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Colin Hill | 18 Oct 2018 | Advice, Property Investing

Watch Out for these Common Investment Mistakes

Colin Hill | 18 Oct 2018 | Advice, Property Investing

Watch Out for these Common Investment Mistakes

Watch Out for these Common Investment Mistakes

Investing in property is a hugely enticing and exciting idea for a number of Kiwis. However, regardless of whether you are a first-time investor looking to take climb onto the ladder or a seasoned pro looking to grow your portfolio, there are a few common mistakes that can trip people up.  

In order to put yourself in the best position to succeed, watch out for the following traps. Because failure to notice and adjust to them could result in a few tough decisions or situations in the future.

The Kiwi dream idea

The great Kiwi dream of owning your own little slice of paradise is something that is deeply entrenched in our DNA. While this is something to aspire to, don’t let it drive you into an investment that isn’t right.

Whether it is owning your dream family home, that you can envision raising a family in and getting old in or a batch in the Coromandel, pushing hard to achieve this may cause you to make a decision that isn’t financially viable or smart in the long run.  

Getting emotionally attached

It can be very easy to get emotionally invested in a house you are keen on. It may be the feel, maybe it’s the location, or even the Kiwi dream kicking in. But, if you get to a point where your emotions are starting to over-shadow your buying strategy, consider taking a step back.

Start by seeking advice from a trusted source, such as a mortgage broker, accountant or lawyer. Seeking outside counsel will provide you with an unbiased opinion about whether or not the investment is viable.

Listening to the media

Nowadays, we have access to countless sources of information about the property market and it seems like the marketing is changing direction every few weeks. However, listening to media reports, and thinking you may miss out, is one of the biggest mistakes an investor can make.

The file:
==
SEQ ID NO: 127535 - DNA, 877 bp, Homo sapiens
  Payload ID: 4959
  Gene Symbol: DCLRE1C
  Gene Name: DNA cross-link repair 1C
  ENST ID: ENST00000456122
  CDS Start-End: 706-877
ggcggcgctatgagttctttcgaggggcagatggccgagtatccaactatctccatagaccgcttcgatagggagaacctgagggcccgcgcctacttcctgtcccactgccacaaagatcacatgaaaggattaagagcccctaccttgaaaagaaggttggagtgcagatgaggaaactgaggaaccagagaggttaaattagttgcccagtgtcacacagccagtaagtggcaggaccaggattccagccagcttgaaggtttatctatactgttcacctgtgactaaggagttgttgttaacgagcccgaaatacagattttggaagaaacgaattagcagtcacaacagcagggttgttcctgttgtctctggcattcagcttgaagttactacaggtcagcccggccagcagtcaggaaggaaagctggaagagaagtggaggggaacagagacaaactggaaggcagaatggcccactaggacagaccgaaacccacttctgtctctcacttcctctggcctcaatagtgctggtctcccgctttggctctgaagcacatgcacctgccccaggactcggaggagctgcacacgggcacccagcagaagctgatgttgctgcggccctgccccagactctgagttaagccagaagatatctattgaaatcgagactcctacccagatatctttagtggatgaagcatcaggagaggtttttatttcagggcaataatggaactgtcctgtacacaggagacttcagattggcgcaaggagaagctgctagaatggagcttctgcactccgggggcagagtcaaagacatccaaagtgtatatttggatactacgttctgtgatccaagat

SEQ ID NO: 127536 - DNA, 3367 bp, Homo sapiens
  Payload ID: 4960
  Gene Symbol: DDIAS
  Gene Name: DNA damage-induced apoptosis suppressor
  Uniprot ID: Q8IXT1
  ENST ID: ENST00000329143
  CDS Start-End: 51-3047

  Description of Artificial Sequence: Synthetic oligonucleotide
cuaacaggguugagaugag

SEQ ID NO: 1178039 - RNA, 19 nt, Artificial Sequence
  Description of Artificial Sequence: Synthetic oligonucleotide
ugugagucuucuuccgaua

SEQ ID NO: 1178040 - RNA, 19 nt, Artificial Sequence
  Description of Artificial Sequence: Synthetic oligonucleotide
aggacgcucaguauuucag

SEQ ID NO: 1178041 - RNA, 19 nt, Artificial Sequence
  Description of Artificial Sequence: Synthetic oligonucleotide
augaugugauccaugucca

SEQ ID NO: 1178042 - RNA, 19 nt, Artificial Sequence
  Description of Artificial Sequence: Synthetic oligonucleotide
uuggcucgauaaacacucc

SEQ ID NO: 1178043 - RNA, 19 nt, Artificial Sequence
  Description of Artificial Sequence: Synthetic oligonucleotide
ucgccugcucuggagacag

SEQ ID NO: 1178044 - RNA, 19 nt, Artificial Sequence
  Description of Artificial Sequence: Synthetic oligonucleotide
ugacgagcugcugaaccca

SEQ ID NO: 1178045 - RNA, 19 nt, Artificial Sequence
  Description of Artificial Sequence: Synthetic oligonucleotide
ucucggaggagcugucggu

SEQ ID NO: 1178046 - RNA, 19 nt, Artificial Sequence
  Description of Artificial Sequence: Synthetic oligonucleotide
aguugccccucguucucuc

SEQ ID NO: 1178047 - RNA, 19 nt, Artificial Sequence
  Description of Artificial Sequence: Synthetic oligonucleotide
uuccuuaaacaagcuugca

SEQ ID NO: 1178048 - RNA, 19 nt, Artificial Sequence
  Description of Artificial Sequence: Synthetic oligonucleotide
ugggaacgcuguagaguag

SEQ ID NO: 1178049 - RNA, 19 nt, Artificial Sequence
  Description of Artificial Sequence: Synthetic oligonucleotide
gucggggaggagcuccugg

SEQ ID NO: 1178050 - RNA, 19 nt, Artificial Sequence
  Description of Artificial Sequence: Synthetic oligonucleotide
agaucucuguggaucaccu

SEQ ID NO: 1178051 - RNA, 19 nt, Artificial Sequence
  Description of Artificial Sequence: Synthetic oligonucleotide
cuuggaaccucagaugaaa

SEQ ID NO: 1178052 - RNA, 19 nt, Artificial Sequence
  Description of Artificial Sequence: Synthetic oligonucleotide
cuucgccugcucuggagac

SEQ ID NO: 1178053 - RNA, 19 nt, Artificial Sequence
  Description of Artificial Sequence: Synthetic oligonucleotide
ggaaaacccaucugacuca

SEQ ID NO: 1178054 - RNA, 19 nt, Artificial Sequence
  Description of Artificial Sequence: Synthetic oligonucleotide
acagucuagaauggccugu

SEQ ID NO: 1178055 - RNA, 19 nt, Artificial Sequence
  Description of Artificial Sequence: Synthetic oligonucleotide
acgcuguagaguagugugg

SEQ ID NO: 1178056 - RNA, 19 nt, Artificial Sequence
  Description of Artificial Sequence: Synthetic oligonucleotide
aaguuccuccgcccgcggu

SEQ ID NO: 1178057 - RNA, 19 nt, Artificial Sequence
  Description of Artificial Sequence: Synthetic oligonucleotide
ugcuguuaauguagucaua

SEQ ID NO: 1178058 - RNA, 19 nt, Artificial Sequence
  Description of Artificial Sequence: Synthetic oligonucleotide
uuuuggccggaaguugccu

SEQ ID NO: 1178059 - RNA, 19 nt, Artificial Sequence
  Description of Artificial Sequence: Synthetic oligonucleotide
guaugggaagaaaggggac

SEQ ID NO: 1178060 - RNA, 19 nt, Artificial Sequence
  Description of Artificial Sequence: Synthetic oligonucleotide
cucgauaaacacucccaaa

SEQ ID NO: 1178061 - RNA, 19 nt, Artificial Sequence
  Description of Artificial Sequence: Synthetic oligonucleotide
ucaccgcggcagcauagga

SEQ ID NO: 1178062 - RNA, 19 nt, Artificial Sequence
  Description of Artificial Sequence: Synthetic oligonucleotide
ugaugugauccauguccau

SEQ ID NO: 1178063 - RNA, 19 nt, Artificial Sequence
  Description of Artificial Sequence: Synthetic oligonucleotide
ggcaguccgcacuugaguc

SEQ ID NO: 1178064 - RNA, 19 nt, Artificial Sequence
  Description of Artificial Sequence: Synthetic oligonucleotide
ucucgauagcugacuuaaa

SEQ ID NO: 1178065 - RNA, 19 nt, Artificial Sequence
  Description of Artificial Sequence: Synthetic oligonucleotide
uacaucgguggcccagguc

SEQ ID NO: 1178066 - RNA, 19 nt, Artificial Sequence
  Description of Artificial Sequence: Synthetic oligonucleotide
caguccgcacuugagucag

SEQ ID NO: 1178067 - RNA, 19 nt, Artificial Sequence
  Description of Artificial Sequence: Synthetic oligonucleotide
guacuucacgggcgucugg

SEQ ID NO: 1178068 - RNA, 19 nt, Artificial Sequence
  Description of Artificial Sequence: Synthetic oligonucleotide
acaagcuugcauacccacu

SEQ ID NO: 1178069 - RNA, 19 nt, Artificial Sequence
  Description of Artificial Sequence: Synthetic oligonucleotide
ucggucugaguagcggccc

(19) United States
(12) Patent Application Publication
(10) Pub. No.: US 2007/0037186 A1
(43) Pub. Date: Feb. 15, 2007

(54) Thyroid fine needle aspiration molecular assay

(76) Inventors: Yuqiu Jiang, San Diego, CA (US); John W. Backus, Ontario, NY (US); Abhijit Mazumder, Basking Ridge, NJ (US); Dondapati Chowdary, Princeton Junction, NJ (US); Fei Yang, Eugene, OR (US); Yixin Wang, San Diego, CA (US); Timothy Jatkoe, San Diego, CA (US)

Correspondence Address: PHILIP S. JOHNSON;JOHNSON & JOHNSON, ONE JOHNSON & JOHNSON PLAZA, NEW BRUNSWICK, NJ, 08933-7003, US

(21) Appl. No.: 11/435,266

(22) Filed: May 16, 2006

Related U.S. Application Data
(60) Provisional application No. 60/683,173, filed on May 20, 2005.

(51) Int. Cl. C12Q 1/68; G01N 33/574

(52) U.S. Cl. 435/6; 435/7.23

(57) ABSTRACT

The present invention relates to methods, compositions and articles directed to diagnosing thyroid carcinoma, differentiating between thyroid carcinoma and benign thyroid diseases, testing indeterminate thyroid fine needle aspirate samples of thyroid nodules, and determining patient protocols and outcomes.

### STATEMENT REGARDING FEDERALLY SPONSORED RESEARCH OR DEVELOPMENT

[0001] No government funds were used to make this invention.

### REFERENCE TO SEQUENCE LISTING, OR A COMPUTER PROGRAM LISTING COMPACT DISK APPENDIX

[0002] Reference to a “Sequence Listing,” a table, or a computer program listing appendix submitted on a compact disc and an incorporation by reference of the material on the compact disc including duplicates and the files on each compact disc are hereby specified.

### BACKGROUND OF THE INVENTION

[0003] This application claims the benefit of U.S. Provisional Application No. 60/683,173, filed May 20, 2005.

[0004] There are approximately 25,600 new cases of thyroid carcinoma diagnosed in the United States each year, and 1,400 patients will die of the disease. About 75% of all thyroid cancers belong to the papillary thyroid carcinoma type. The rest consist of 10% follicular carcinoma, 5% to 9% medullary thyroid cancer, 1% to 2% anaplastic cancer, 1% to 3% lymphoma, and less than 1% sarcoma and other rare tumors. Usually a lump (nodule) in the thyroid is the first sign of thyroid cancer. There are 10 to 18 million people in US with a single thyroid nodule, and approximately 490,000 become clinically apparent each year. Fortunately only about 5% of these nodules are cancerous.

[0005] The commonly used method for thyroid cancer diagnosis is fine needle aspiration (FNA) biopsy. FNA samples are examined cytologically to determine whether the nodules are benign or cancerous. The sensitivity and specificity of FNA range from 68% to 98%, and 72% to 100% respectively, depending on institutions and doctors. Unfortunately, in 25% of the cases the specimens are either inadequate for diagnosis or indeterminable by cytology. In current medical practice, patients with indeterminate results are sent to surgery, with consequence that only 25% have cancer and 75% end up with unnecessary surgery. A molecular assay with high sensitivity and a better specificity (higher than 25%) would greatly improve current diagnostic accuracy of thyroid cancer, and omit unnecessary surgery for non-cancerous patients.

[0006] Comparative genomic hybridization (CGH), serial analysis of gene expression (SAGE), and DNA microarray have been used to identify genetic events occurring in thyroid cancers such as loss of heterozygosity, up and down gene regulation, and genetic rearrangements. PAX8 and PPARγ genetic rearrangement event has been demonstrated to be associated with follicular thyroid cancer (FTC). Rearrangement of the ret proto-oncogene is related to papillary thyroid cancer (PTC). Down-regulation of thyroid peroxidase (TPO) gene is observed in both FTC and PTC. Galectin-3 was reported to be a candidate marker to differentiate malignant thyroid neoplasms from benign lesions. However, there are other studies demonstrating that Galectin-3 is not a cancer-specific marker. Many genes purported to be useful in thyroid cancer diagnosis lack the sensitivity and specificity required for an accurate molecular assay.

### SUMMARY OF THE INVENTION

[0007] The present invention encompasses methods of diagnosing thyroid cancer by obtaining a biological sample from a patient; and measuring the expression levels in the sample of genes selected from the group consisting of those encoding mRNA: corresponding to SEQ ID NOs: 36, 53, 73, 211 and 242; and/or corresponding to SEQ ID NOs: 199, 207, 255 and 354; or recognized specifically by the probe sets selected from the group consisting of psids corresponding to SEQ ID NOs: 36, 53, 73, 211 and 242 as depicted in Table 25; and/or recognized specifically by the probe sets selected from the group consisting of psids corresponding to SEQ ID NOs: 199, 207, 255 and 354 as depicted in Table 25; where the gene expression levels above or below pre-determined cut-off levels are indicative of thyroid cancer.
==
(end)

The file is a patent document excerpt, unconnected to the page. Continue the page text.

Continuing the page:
To avoid this, it is important you take your time to do your own research, speak to trusted advisers and understand the market. Don’t let the noise generated by the media force you into acting too soon, remember there will always be another opportunity.


With New Zealand’s competitive property market, it is not uncommon for investors to overpay for a property just so they can get in the market.

Regardless of how you submit an offer, make sure your budget and strategy have enough leeway for you to offer a little bit more than you hoped. Overpaying and borrowing more than you budgeted for may seem feasible at the time, however, you may find it could drastically harm your financial wellbeing in the future.  

Remember, buying a house is a massive financial commitment. So if you’re budget doesn’t allow for an increase of 5-10%, be prepared to walk away.

Trying to time the market

The property market is notoriously unpredictable and hard to read, especially if you are inexperienced in the market. While the market may currently be experiencing a downturn, remember it could swing into a holding or even a growth period with little notice.

Instead of trying to play the market, make sure you have a solid understanding of long-term market trends, as this will put you in a better position to strike when the time is right.

A good idea is to have a good grasp of the history of the suburbs or areas you are interested in buying. Take into account, its recent growth, the development of the area and pricing increase over time.

Taking too long

While rushing into a purchase your not ready for is not recommended, waiting too long can be just as bad.

It is always a good idea to take your time, do some window shopping and find the property and financial commitment that is right for you and your family. But, when you find that option don’t let it slip.

There is nothing worse than finding the ideal investment and waiting until the last moment to submit an offer, to find out someone has already snapped it up. If you have found the property, have secured pre-approval and your budget allows, submit your offer.


Entering into the property market is never easy and it is made harder if you don’t do your due diligence or make rash decisions. There may never be an ideal time to enter the market but if you have a solid plan in place and you believe it’ll work, then take the leap.

If you are currently investigating the property market and looking to buy a house, but need help or advise on what your next step should be, we would love to help. Contact us today and we can help you design a plan of attack.  




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